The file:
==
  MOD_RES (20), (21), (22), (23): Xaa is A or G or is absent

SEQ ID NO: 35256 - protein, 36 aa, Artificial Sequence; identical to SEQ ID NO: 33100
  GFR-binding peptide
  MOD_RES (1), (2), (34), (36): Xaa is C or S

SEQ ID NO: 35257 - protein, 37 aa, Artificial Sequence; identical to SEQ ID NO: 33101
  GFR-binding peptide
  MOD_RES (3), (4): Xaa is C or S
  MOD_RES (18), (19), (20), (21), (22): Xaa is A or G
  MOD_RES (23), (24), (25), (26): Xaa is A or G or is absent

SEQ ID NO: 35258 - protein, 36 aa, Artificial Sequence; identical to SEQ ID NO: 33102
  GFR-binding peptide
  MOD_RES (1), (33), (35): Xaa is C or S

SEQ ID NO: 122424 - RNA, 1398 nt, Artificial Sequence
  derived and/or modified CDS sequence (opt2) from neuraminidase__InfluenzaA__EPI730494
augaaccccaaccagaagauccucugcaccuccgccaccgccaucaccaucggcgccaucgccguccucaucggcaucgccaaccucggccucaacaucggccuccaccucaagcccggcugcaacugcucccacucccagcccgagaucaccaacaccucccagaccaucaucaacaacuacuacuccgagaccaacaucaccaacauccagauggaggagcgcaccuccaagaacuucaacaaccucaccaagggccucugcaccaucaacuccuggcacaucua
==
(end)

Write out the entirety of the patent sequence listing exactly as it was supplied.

  MOD_RES (20), (21), (22), (23): Xaa is A or G or is absent

SEQ ID NO: 35256 - protein, 36 aa, Artificial Sequence; identical to SEQ ID NO: 33100
  GFR-binding peptide
  MOD_RES (1), (2), (34), (36): Xaa is C or S

SEQ ID NO: 35257 - protein, 37 aa, Artificial Sequence; identical to SEQ ID NO: 33101
  GFR-binding peptide
  MOD_RES (3), (4): Xaa is C or S
  MOD_RES (18), (19), (20), (21), (22): Xaa is A or G
  MOD_RES (23), (24), (25), (26): Xaa is A or G or is absent

SEQ ID NO: 35258 - protein, 36 aa, Artificial Sequence; identical to SEQ ID NO: 33102
  GFR-binding peptide
  MOD_RES (1), (33), (35): Xaa is C or S

SEQ ID NO: 122424 - RNA, 1398 nt, Artificial Sequence
  derived and/or modified CDS sequence (opt2) from neuraminidase__InfluenzaA__EPI730494
augaaccccaaccagaagauccucugcaccuccgccaccgccaucaccaucggcgccaucgccguccucaucggcaucgccaaccucggccucaacaucggccuccaccucaagcccggcugcaacugcucccacucccagcccgagaucaccaacaccucccagaccaucaucaacaacuacuacuccgagaccaacaucaccaacauccagauggaggagcgcaccuccaagaacuucaacaaccucaccaagggccucugcaccaucaacuccuggcacaucua